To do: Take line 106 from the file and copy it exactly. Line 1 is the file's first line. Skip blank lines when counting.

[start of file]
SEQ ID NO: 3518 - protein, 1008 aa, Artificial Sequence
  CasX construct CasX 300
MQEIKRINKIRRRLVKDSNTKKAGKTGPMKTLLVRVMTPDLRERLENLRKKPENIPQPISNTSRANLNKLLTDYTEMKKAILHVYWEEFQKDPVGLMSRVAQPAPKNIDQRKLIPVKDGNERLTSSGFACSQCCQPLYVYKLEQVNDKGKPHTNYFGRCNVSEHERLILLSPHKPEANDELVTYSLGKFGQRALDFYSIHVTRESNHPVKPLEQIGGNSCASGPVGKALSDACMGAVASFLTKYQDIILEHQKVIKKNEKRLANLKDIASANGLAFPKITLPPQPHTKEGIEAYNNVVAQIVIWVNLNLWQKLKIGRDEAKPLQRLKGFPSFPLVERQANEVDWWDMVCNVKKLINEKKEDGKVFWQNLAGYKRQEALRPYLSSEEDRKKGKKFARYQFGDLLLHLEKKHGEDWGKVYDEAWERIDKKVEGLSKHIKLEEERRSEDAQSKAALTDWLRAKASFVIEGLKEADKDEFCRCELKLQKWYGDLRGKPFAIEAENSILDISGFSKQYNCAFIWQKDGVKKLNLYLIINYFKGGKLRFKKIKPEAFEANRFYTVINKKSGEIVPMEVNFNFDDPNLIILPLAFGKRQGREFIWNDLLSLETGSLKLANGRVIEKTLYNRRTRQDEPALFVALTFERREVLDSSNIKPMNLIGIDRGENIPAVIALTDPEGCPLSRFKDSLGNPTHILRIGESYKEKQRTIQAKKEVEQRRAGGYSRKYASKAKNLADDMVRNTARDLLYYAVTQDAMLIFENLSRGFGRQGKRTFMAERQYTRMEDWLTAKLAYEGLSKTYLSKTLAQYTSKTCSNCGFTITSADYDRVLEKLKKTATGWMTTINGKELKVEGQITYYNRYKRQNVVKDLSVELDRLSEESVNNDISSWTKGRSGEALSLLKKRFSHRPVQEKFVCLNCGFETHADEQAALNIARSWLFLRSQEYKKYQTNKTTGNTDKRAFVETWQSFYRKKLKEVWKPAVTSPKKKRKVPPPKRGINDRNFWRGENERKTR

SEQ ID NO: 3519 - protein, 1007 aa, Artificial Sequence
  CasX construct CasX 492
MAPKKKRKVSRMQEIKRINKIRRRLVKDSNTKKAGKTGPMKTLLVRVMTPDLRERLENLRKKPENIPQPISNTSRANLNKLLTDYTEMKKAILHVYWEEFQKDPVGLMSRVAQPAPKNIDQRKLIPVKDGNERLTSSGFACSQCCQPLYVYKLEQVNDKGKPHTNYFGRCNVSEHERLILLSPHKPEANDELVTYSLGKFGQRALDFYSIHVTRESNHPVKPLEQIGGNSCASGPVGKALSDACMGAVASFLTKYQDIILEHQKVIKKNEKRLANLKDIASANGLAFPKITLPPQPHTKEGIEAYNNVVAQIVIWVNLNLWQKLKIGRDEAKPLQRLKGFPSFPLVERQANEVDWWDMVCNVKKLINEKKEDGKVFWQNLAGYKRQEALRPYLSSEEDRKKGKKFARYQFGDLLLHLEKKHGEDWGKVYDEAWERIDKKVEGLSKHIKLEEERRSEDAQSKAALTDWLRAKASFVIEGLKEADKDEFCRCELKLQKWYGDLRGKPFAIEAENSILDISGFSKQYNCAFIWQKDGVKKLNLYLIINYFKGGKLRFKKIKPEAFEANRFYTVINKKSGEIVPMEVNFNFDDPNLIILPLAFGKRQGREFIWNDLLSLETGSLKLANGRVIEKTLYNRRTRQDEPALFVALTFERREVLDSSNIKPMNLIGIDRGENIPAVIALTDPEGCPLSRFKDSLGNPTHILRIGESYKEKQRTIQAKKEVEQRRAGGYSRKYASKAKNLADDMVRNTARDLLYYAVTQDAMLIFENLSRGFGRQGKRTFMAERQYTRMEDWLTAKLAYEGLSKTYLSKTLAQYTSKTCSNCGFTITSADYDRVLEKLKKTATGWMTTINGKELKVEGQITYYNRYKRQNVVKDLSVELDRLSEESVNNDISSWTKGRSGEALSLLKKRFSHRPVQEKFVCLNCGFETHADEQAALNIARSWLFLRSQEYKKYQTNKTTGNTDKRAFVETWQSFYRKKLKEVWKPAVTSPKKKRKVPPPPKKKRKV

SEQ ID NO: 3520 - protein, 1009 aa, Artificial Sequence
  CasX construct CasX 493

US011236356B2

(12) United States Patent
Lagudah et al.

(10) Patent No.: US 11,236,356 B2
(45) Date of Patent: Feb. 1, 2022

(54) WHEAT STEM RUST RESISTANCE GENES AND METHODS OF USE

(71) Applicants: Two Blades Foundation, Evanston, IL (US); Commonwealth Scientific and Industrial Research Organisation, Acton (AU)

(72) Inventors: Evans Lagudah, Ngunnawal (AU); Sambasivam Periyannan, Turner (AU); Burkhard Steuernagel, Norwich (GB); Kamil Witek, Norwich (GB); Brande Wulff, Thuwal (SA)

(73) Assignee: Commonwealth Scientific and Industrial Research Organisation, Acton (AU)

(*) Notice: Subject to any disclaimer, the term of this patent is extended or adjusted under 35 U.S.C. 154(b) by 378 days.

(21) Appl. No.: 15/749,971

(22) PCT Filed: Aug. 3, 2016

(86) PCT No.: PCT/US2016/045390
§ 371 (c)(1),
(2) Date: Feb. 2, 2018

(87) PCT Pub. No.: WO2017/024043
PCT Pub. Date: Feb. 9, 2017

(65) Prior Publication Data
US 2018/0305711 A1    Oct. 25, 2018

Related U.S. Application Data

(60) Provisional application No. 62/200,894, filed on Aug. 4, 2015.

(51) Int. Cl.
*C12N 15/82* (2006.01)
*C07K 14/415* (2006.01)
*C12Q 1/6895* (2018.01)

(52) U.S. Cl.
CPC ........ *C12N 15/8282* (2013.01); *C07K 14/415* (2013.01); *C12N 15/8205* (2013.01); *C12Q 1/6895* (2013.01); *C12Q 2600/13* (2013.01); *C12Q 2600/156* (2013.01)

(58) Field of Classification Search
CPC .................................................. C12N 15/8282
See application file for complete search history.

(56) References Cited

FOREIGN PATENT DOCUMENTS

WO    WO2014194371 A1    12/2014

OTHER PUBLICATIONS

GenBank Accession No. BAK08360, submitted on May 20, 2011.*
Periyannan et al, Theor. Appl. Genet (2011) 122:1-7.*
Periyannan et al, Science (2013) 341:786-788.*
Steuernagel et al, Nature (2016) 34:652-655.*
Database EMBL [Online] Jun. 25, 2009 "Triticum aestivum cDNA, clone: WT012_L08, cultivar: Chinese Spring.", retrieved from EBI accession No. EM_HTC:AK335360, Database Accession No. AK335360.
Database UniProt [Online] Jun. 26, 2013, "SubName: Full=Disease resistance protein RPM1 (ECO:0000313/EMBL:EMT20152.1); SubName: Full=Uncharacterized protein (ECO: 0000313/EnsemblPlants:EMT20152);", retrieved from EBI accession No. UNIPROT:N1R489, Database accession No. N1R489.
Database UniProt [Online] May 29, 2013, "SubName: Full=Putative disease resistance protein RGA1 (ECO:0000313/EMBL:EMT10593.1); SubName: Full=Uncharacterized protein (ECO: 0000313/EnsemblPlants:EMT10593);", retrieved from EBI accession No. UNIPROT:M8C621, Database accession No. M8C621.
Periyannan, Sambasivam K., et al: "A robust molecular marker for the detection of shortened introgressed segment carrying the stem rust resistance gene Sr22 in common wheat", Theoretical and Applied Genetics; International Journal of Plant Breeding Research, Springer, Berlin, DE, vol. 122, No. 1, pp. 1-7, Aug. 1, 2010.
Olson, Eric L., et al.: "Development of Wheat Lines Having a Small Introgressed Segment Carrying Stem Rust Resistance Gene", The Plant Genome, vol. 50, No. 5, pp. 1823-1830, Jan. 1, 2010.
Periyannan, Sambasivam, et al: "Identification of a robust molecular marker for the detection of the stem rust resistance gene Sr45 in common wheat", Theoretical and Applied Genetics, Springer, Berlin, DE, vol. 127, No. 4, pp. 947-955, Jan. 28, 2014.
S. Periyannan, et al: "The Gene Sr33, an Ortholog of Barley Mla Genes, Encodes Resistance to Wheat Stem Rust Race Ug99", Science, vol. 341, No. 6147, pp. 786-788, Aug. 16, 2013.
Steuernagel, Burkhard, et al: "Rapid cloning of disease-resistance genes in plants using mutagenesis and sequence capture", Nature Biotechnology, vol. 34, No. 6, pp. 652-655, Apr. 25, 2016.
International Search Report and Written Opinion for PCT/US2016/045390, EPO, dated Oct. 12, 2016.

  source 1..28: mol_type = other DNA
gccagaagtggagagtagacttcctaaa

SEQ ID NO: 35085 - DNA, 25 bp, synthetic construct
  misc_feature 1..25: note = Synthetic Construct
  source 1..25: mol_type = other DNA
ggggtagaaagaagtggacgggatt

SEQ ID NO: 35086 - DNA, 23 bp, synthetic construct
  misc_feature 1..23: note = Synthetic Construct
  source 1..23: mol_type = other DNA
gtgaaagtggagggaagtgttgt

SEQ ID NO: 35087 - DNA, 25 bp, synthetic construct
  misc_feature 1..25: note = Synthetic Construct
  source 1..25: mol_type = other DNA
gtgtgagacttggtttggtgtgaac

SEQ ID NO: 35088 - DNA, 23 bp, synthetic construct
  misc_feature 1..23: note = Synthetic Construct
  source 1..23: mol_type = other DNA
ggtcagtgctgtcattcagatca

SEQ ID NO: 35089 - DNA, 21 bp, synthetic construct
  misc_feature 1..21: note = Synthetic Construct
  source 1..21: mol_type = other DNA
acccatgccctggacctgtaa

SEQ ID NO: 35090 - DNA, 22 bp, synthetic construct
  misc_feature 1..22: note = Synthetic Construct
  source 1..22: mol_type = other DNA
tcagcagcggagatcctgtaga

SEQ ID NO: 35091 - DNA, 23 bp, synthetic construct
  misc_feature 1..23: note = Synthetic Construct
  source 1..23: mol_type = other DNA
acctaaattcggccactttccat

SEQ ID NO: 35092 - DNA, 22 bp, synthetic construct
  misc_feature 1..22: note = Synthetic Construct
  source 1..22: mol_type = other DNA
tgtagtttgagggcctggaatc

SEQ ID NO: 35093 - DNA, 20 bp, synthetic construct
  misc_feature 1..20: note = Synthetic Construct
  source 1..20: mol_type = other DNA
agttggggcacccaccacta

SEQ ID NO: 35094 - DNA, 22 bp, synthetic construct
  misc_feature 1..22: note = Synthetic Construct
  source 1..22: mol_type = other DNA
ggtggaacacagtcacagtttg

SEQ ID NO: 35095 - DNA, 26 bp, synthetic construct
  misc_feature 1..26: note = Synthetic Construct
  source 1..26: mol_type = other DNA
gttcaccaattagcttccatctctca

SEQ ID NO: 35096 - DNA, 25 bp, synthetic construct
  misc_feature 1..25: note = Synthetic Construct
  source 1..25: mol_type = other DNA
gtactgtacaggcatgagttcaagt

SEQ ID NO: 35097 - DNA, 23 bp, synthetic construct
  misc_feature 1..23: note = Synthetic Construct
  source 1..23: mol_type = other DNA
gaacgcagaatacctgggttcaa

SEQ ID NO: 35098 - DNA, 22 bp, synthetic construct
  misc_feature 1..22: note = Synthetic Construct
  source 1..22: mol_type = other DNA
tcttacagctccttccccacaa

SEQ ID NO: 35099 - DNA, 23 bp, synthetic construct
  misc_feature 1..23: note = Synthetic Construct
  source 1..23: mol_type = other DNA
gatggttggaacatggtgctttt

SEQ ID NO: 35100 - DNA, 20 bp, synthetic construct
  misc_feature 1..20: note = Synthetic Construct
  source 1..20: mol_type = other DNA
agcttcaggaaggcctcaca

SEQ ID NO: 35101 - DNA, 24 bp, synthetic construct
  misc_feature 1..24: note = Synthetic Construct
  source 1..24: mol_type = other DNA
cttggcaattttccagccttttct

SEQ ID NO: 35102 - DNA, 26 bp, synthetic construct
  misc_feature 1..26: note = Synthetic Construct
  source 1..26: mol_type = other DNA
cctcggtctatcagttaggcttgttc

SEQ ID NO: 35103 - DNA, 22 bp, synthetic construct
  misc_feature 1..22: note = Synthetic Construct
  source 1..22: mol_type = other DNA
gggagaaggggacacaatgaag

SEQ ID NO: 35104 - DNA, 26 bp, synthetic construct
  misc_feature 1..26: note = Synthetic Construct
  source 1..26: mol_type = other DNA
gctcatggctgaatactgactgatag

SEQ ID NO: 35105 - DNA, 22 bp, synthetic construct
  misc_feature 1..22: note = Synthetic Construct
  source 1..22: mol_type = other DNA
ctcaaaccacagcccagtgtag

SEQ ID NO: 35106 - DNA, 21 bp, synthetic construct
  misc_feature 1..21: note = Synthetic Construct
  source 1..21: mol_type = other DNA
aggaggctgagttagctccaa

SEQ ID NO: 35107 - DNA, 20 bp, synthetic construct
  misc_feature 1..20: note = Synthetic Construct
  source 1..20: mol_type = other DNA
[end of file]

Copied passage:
SEQ ID NO: 35097 - DNA, 23 bp, synthetic construct